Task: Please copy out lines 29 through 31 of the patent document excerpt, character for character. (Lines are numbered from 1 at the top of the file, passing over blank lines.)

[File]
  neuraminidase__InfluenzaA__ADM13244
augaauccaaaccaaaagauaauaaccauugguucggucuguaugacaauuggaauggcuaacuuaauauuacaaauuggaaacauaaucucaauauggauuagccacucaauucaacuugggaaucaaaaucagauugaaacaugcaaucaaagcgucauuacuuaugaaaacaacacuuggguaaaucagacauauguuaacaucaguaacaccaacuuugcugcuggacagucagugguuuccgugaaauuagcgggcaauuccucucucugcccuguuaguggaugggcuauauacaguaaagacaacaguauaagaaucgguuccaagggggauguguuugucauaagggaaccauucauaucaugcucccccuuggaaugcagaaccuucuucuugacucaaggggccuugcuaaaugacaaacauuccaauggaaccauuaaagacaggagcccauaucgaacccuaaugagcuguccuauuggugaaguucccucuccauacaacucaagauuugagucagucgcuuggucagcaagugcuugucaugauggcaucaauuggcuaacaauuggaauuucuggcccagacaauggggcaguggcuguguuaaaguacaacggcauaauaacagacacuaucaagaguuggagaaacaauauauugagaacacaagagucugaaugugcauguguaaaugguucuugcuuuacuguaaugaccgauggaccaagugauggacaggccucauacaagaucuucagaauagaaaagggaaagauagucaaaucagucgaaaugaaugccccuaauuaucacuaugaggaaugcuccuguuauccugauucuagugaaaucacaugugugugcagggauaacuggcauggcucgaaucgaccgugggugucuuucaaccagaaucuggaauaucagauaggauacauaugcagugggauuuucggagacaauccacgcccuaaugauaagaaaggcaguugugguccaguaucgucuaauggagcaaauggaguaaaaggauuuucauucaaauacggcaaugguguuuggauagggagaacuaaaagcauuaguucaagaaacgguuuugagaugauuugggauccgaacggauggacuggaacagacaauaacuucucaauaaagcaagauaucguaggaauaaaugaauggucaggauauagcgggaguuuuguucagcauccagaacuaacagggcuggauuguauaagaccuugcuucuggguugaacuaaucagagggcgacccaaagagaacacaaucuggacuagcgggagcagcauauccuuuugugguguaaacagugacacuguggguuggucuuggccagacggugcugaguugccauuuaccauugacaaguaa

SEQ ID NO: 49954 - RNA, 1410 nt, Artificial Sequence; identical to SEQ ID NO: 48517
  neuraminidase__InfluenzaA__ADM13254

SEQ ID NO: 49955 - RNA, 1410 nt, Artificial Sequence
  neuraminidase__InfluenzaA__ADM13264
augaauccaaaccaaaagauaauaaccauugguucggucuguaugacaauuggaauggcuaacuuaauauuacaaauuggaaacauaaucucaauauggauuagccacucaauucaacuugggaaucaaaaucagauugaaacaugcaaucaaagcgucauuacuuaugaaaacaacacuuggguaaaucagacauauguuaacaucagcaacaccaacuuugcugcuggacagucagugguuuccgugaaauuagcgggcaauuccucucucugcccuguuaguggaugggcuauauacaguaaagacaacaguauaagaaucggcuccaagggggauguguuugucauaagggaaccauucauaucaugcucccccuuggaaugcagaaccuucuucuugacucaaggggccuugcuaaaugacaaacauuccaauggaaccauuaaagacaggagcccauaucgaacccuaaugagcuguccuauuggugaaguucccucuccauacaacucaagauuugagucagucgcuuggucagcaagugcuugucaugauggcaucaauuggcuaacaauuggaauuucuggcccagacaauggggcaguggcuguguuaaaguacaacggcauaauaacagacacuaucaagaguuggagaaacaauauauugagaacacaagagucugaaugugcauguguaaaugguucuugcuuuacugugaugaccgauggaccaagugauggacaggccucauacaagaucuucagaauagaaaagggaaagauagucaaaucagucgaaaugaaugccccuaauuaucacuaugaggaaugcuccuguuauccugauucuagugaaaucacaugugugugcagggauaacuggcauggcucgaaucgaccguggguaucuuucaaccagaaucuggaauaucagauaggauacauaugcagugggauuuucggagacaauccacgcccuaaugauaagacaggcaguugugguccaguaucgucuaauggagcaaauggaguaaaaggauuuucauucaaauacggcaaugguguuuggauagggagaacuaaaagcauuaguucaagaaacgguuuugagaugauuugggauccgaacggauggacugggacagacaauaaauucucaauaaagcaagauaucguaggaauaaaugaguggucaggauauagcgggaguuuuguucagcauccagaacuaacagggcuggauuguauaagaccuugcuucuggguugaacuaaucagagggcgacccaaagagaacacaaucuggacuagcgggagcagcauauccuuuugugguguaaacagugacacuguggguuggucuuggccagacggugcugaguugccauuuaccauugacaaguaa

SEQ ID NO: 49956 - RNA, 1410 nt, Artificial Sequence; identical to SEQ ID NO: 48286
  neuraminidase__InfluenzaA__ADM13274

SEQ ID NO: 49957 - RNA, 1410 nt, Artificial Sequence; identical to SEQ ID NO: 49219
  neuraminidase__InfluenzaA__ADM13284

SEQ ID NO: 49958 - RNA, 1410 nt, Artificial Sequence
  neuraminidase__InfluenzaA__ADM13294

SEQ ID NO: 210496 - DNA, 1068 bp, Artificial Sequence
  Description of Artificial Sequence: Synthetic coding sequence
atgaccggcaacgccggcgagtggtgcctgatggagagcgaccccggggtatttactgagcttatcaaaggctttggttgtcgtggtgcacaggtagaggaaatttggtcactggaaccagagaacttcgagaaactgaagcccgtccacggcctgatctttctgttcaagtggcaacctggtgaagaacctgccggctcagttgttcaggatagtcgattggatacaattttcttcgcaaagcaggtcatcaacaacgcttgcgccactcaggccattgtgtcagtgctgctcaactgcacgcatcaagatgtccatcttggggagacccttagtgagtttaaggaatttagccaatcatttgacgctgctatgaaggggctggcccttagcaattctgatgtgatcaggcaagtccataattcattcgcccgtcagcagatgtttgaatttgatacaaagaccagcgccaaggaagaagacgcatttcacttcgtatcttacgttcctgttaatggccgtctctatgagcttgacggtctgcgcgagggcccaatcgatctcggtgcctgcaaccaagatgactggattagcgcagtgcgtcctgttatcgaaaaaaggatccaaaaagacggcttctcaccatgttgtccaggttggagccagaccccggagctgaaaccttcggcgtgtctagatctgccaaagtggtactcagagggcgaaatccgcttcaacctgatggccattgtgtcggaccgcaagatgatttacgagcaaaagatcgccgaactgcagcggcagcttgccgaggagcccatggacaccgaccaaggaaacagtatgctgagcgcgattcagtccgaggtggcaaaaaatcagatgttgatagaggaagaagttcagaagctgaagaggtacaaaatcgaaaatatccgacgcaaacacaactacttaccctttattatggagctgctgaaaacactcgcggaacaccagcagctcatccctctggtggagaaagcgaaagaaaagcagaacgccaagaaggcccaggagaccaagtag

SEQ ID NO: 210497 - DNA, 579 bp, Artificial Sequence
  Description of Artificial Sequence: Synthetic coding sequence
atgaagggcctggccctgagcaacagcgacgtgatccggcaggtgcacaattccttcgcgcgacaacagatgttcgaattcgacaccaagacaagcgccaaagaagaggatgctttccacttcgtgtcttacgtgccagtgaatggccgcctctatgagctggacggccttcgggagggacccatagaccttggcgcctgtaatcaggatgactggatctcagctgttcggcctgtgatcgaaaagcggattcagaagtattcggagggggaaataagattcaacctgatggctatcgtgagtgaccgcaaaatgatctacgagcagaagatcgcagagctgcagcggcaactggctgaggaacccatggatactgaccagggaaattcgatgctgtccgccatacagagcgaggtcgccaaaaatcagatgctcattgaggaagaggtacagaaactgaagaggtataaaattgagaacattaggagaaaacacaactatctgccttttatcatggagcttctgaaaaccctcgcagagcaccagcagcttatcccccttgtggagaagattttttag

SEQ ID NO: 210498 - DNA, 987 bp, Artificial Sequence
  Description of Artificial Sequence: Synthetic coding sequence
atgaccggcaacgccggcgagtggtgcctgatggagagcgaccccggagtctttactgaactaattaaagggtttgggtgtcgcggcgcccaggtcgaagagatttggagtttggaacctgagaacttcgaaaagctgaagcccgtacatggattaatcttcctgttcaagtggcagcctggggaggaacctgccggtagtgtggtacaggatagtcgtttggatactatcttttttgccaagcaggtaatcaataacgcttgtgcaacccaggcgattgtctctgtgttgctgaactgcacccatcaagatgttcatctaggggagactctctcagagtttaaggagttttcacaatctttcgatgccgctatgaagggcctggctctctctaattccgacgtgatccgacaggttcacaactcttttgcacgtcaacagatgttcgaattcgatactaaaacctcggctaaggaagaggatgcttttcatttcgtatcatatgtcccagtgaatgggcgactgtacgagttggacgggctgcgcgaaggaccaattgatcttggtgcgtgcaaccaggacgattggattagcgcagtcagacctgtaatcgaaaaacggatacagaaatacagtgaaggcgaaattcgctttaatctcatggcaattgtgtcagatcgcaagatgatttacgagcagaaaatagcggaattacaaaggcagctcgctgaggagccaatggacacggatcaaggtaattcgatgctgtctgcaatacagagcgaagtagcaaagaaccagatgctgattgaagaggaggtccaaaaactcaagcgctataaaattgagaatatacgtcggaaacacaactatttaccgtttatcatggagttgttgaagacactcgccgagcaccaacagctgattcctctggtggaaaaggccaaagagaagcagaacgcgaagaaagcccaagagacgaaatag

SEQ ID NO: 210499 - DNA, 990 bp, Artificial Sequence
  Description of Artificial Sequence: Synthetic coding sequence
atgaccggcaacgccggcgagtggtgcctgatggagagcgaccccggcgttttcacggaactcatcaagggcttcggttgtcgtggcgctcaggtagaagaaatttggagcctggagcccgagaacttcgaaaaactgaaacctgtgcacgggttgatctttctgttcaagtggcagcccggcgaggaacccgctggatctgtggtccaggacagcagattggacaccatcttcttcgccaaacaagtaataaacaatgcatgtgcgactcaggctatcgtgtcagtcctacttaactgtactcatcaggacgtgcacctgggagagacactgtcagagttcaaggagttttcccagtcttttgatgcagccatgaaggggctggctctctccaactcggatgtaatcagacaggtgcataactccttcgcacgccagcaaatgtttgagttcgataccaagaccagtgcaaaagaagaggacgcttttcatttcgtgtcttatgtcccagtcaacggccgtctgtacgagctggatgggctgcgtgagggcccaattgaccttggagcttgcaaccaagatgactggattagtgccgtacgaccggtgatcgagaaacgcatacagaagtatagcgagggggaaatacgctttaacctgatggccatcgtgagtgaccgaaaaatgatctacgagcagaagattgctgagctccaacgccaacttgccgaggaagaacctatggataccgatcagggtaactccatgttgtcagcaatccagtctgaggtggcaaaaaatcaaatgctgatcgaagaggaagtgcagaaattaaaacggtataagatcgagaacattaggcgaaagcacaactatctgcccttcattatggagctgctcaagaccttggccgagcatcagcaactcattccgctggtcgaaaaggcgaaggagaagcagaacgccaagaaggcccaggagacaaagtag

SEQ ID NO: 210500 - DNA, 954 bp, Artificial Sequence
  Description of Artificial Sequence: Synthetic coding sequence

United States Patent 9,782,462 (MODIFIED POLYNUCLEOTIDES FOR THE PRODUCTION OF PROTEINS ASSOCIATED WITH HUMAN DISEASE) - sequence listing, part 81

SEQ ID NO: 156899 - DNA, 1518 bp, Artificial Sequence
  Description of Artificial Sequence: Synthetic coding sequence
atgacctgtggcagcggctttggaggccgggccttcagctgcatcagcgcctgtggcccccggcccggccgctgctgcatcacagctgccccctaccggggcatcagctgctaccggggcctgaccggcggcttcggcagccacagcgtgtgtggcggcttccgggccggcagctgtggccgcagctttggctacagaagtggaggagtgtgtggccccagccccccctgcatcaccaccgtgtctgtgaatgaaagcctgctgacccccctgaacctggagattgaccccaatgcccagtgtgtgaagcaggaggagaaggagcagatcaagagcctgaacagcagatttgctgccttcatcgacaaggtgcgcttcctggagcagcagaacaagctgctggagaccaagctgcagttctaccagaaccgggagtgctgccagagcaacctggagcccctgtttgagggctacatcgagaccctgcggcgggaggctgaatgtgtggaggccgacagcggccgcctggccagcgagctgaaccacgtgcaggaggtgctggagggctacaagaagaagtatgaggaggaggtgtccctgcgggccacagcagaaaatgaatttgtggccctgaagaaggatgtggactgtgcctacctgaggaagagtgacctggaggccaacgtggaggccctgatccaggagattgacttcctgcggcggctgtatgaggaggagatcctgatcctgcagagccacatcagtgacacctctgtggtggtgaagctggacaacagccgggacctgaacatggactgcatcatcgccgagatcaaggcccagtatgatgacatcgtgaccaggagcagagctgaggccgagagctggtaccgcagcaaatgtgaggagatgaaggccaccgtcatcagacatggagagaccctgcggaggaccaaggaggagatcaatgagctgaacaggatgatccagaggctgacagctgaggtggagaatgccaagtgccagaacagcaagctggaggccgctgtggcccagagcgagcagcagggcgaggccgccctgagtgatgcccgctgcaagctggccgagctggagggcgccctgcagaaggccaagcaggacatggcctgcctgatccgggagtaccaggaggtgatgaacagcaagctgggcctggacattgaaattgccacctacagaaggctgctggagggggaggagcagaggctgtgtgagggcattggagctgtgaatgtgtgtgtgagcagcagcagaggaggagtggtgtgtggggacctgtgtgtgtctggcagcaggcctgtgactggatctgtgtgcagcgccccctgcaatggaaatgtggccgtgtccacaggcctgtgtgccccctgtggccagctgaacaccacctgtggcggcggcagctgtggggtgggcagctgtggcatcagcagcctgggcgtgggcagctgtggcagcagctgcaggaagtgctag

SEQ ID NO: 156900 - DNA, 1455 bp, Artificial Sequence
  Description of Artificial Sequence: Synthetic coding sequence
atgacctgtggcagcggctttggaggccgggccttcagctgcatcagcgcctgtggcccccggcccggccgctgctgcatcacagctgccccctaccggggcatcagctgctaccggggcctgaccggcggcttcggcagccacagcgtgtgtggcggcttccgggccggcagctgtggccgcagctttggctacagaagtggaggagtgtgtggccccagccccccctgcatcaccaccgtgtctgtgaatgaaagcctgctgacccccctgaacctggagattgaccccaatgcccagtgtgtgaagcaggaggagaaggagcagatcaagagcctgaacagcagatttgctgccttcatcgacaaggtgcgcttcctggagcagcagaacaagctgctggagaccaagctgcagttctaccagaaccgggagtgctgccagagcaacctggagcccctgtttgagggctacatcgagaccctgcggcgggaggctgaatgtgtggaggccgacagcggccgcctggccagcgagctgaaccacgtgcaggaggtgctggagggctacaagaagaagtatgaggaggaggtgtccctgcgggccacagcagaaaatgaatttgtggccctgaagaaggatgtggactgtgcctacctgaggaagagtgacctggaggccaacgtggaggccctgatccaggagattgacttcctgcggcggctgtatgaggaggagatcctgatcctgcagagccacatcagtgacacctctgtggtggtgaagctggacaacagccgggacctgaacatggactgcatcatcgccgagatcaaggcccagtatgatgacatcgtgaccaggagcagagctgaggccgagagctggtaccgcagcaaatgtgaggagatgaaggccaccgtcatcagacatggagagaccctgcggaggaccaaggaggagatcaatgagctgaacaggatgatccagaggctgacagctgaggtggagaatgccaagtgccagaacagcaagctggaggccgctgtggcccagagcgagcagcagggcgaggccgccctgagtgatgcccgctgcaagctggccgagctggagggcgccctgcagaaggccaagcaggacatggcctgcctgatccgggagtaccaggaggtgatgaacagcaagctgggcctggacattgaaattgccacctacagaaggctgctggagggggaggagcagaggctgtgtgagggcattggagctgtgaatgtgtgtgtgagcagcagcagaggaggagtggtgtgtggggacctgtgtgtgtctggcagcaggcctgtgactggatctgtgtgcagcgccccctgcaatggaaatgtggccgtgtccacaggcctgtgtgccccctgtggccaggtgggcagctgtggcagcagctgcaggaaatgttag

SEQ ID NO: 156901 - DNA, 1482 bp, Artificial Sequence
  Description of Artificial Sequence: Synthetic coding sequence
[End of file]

SEQ ID NO: 156899 - DNA, 1518 bp, Artificial Sequence
  Description of Artificial Sequence: Synthetic coding sequence
atgacctgtggcagcggctttggaggccgggccttcagctgcatcagcgcctgtggcccccggcccggccgctgctgcatcacagctgccccctaccggggcatcagctgctaccggggcctgaccggcggcttcggcagccacagcgtgtgtggcggcttccgggccggcagctgtggccgcagctttggctacagaagtggaggagtgtgtggccccagccccccctgcatcaccaccgtgtctgtgaatgaaagcctgctgacccccctgaacctggagattgaccccaatgcccagtgtgtgaagcaggaggagaaggagcagatcaagagcctgaacagcagatttgctgccttcatcgacaaggtgcgcttcctggagcagcagaacaagctgctggagaccaagctgcagttctaccagaaccgggagtgctgccagagcaacctggagcccctgtttgagggctacatcgagaccctgcggcgggaggctgaatgtgtggaggccgacagcggccgcctggccagcgagctgaaccacgtgcaggaggtgctggagggctacaagaagaagtatgaggaggaggtgtccctgcgggccacagcagaaaatgaatttgtggccctgaagaaggatgtggactgtgcctacctgaggaagagtgacctggaggccaacgtggaggccctgatccaggagattgacttcctgcggcggctgtatgaggaggagatcctgatcctgcagagccacatcagtgacacctctgtggtggtgaagctggacaacagccgggacctgaacatggactgcatcatcgccgagatcaaggcccagtatgatgacatcgtgaccaggagcagagctgaggccgagagctggtaccgcagcaaatgtgaggagatgaaggccaccgtcatcagacatggagagaccctgcggaggaccaaggaggagatcaatgagctgaacaggatgatccagaggctgacagctgaggtggagaatgccaagtgccagaacagcaagctggaggccgctgtggcccagagcgagcagcagggcgaggccgccctgagtgatgcccgctgcaagctggccgagctggagggcgccctgcagaaggccaagcaggacatggcctgcctgatccgggagtaccaggaggtgatgaacagcaagctgggcctggacattgaaattgccacctacagaaggctgctggagggggaggagcagaggctgtgtgagggcattggagctgtgaatgtgtgtgtgagcagcagcagaggaggagtggtgtgtggggacctgtgtgtgtctggcagcaggcctgtgactggatctgtgtgcagcgccccctgcaatggaaatgtggccgtgtccacaggcctgtgtgccccctgtggccagctgaacaccacctgtggcggcggcagctgtggggtgggcagctgtggcatcagcagcctgggcgtgggcagctgtggcagcagctgcaggaagtgctag